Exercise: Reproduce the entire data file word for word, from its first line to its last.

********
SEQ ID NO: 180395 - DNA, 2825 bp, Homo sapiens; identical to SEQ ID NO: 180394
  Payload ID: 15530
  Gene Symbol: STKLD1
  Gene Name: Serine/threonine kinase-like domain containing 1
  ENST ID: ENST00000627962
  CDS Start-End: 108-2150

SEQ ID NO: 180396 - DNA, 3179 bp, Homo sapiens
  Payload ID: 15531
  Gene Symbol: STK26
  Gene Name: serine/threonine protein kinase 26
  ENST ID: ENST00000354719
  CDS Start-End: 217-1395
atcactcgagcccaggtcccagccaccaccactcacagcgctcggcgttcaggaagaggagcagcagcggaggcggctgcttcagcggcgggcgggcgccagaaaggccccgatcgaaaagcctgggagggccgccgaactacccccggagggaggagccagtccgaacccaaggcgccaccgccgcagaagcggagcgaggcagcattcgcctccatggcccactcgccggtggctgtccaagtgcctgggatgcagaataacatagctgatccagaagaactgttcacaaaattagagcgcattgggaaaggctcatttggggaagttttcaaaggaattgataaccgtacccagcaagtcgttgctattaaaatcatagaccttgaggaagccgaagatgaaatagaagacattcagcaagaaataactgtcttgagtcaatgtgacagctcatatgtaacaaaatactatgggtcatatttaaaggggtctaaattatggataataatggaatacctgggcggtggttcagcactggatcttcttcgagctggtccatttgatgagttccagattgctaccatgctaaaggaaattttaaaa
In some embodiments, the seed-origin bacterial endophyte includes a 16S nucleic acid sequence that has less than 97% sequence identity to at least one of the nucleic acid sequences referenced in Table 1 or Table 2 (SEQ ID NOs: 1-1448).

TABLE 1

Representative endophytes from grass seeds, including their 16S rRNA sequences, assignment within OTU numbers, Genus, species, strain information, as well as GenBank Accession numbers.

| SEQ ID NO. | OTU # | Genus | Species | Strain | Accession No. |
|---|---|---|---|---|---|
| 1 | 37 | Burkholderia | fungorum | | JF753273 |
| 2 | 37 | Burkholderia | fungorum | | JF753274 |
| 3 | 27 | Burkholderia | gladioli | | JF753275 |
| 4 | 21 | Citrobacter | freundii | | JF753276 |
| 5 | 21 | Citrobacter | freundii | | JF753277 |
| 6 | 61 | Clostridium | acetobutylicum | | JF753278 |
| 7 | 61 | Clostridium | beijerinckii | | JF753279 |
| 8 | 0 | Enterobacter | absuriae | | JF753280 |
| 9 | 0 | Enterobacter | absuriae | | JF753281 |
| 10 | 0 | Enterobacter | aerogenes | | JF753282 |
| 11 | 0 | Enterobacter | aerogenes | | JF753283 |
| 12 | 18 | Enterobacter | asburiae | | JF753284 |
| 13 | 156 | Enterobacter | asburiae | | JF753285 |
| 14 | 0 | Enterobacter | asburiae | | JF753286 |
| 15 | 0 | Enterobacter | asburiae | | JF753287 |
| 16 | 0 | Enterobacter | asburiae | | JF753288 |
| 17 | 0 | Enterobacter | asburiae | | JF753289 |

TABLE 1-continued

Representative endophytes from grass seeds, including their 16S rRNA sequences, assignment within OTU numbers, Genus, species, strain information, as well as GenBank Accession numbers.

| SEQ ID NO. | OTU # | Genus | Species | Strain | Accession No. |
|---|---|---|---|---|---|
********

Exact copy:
SEQ ID NO: 180395 - DNA, 2825 bp, Homo sapiens; identical to SEQ ID NO: 180394
  Payload ID: 15530
  Gene Symbol: STKLD1
  Gene Name: Serine/threonine kinase-like domain containing 1
  ENST ID: ENST00000627962
  CDS Start-End: 108-2150

SEQ ID NO: 180396 - DNA, 3179 bp, Homo sapiens
  Payload ID: 15531
  Gene Symbol: STK26
  Gene Name: serine/threonine protein kinase 26
  ENST ID: ENST00000354719
  CDS Start-End: 217-1395
atcactcgagcccaggtcccagccaccaccactcacagcgctcggcgttcaggaagaggagcagcagcggaggcggctgcttcagcggcgggcgggcgccagaaaggccccgatcgaaaagcctgggagggccgccgaactacccccggagggaggagccagtccgaacccaaggcgccaccgccgcagaagcggagcgaggcagcattcgcctccatggcccactcgccggtggctgtccaagtgcctgggatgcagaataacatagctgatccagaagaactgttcacaaaattagagcgcattgggaaaggctcatttggggaagttttcaaaggaattgataaccgtacccagcaagtcgttgctattaaaatcatagaccttgaggaagccgaagatgaaatagaagacattcagcaagaaataactgtcttgagtcaatgtgacagctcatatgtaacaaaatactatgggtcatatttaaaggggtctaaattatggataataatggaatacctgggcggtggttcagcactggatcttcttcgagctggtccatttgatgagttccagattgctaccatgctaaaggaaattttaaaa
In some embodiments, the seed-origin bacterial endophyte includes a 16S nucleic acid sequence that has less than 97% sequence identity to at least one of the nucleic acid sequences referenced in Table 1 or Table 2 (SEQ ID NOs: 1-1448).

TABLE 1

Representative endophytes from grass seeds, including their 16S rRNA sequences, assignment within OTU numbers, Genus, species, strain information, as well as GenBank Accession numbers.

| SEQ ID NO. | OTU # | Genus | Species | Strain | Accession No. |
|---|---|---|---|---|---|
| 1 | 37 | Burkholderia | fungorum | | JF753273 |
| 2 | 37 | Burkholderia | fungorum | | JF753274 |
| 3 | 27 | Burkholderia | gladioli | | JF753275 |
| 4 | 21 | Citrobacter | freundii | | JF753276 |
| 5 | 21 | Citrobacter | freundii | | JF753277 |
| 6 | 61 | Clostridium | acetobutylicum | | JF753278 |
| 7 | 61 | Clostridium | beijerinckii | | JF753279 |
| 8 | 0 | Enterobacter | absuriae | | JF753280 |
| 9 | 0 | Enterobacter | absuriae | | JF753281 |
| 10 | 0 | Enterobacter | aerogenes | | JF753282 |
| 11 | 0 | Enterobacter | aerogenes | | JF753283 |
| 12 | 18 | Enterobacter | asburiae | | JF753284 |
| 13 | 156 | Enterobacter | asburiae | | JF753285 |
| 14 | 0 | Enterobacter | asburiae | | JF753286 |
| 15 | 0 | Enterobacter | asburiae | | JF753287 |
| 16 | 0 | Enterobacter | asburiae | | JF753288 |
| 17 | 0 | Enterobacter | asburiae | | JF753289 |

TABLE 1-continued

Representative endophytes from grass seeds, including their 16S rRNA sequences, assignment within OTU numbers, Genus, species, strain information, as well as GenBank Accession numbers.

| SEQ ID NO. | OTU # | Genus | Species | Strain | Accession No. |
|---|---|---|---|---|---|